The child benefit data cock-up highlights all sorts of public data issues, most of which are missed totally by both participants and observers. Data literacy in Britain is non-existent. Here are a few points that have come to mind over the last couple of days of coverage (please add your own in the comments if you feel like it).
1. Ministers and spokesmen know hardly anything about data. For instance, some of them have obviously been briefed to say that the information in the planned central ID database will be safer because it’s ‘got biometrics’. No one has explained to them that biometric data captured from you and me has nothing to do with access to that data by civil servants: they’ll just use the password on the Post-It note like they always did.
2. No one has bothered to explain to managers and legislators that an individual’s identity could be easily and securely verified without a big, central database. A ‘zero-data’ ID scheme is technically feasible and (literally) infinitely more secure than the big database model (no data to lose, you see). Governments have no interest in such a scheme because it would represent a diminution of their status and influence and that’s anathema. Consequently it doesn’t even come up in the debate.
3. Hysteria about the lost data is practically universal. On the TV last night a ‘computer security expert’ told the world the data would be of use to paedophiles. Paedophiles, you see, will now be able to confirm that there are children all over Britain.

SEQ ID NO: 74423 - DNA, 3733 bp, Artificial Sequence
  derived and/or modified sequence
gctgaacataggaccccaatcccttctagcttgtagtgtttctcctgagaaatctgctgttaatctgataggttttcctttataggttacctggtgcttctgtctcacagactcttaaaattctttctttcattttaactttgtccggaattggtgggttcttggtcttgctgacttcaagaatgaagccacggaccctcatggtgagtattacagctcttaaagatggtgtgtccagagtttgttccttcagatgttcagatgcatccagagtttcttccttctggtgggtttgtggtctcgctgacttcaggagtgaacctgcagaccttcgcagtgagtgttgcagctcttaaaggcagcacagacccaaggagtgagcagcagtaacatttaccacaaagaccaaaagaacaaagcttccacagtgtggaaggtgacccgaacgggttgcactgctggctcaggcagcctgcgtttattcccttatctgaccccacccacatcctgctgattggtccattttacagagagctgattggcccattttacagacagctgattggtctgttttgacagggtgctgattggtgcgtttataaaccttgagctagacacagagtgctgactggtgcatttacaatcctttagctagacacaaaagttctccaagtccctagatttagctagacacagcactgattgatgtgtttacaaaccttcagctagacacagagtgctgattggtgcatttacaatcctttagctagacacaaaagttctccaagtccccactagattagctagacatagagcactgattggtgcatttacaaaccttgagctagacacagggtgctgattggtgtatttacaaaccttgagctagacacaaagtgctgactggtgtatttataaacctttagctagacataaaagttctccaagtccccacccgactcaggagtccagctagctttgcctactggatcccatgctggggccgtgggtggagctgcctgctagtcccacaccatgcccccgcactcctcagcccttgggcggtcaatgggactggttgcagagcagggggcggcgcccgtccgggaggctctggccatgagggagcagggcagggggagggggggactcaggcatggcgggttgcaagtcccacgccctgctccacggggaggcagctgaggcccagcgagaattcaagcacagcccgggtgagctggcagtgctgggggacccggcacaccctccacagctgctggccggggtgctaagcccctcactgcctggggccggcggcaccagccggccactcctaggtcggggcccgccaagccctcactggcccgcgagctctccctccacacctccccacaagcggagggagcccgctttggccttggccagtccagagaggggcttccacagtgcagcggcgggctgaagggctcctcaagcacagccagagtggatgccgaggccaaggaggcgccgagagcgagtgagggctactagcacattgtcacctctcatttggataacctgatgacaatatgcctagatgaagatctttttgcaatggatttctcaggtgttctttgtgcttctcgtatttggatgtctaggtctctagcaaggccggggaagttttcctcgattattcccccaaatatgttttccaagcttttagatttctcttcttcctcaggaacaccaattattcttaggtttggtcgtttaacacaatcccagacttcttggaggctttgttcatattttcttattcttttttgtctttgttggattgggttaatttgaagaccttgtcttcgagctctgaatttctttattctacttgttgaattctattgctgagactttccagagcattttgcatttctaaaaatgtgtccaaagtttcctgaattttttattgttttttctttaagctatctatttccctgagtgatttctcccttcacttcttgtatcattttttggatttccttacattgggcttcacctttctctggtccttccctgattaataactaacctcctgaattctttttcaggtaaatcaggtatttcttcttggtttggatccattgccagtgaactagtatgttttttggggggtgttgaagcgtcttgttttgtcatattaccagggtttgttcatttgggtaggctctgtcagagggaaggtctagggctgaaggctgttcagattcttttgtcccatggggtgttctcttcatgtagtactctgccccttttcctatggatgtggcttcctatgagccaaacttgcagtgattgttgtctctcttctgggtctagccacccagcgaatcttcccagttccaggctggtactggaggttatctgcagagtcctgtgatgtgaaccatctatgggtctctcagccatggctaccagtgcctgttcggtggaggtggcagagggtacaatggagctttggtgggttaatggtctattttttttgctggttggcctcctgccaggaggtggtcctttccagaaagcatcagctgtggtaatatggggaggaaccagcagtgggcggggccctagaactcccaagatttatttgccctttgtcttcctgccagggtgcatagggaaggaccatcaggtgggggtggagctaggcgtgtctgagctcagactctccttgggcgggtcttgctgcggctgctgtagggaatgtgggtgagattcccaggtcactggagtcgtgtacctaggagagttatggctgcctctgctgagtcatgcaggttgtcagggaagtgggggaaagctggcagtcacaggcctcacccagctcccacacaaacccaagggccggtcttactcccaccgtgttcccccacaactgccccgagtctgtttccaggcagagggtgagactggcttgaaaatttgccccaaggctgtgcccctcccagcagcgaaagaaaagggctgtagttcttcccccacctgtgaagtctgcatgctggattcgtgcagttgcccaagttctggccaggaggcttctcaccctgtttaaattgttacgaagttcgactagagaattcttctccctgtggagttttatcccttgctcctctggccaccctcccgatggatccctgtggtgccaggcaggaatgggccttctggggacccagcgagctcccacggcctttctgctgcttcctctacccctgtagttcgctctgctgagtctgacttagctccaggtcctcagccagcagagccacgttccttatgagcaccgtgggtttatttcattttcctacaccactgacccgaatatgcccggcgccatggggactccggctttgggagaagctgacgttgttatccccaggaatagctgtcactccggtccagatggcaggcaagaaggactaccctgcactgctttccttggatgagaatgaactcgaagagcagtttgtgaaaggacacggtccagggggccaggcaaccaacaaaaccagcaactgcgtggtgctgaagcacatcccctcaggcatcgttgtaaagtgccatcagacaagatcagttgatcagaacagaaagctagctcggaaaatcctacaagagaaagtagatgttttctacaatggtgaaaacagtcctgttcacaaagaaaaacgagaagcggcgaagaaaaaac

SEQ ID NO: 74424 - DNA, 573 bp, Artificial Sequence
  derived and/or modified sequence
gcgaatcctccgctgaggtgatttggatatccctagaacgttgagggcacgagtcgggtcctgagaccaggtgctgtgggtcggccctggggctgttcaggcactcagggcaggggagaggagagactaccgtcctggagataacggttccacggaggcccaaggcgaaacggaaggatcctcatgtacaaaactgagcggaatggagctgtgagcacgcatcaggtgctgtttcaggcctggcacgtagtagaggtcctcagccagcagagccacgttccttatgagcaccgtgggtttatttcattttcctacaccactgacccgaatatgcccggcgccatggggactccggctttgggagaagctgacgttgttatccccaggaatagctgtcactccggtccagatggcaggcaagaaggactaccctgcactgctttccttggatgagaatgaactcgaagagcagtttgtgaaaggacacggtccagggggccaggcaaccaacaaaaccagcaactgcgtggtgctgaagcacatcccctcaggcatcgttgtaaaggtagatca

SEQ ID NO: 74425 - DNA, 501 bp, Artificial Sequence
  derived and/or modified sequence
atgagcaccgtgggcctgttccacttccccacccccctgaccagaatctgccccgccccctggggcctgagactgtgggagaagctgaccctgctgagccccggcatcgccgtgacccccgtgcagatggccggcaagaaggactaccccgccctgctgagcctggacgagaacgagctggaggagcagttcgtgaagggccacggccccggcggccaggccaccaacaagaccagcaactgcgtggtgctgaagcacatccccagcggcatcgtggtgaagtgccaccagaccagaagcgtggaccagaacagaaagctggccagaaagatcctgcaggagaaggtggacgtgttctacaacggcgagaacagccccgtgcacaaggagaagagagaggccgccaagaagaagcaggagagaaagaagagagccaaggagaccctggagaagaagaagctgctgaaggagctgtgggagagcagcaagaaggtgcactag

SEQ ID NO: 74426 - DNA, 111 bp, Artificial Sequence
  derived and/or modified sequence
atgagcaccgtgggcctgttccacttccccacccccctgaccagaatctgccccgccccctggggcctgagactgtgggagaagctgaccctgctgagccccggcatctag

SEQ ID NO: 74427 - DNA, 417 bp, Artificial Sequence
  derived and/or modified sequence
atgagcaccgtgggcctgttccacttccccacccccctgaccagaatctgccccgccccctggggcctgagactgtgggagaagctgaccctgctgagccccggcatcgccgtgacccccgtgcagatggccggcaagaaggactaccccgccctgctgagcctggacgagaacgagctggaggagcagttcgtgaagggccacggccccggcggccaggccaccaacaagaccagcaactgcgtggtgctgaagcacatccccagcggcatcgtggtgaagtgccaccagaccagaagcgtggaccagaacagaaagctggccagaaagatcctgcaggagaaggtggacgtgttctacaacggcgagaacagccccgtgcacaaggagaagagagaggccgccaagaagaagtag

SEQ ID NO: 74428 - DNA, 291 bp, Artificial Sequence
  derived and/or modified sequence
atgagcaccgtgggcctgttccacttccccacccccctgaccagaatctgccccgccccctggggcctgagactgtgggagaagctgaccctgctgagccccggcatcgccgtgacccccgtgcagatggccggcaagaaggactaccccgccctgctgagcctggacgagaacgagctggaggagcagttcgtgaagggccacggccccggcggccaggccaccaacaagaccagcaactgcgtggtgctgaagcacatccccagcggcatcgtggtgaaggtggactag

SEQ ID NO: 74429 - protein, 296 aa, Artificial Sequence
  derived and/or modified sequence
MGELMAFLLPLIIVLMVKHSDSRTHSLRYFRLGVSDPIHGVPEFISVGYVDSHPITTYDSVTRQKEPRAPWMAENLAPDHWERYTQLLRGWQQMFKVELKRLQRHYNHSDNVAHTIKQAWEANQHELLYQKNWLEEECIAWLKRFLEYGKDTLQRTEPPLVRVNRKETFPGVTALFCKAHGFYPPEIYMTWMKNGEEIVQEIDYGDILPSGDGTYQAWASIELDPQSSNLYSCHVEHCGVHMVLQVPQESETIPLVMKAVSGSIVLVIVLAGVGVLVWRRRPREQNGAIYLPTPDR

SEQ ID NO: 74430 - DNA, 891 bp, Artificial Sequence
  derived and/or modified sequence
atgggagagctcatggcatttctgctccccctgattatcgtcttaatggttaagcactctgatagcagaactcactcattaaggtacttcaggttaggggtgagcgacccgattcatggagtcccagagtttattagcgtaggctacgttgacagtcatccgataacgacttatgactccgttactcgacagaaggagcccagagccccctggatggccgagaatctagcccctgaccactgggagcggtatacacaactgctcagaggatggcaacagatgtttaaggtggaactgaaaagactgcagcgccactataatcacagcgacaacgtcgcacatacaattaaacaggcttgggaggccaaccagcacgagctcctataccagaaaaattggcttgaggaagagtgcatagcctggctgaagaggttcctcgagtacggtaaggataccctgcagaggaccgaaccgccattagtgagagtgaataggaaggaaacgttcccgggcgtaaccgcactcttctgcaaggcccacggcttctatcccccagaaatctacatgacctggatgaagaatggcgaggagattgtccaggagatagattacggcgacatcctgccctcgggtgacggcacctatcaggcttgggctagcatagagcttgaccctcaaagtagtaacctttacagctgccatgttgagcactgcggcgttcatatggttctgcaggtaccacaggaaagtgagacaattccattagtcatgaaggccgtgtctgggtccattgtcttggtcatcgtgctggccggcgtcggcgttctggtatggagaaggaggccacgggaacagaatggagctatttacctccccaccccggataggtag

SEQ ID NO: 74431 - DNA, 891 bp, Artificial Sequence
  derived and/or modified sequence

4. The leap from ‘two obscure-looking CDs gone missing in internal post’ to ‘massive fraud and ID crime inevitable’ has been well-and-truly made. The more serious point – that legislators universally (handful of exceptions) want more data held centrally and accessible by more agencies and groups – has been ignored.
5. The inescapable logic of deep reform for government data policy was seen to go ‘whoosh’ right over the heads of media and pols alike. Ignorance and political contingency leave them arguing only for ‘more security’ or ‘better protocols’ and not for ‘less invasive policies’ or ‘a reassessment of data ownership’.
6. Web 2.0 insights into data capture, storage and management have clearly made no impact on these data dinosaurs at all. OpenID, Attention Trust, Vidoop and the generalised 2.0 attitude that user data belongs to the user haven’t made it onto the news agenda at all. Good data and security practice exists right now in dozens of geek-run web 2.0 businesses. Will they be consulted? Fat chance.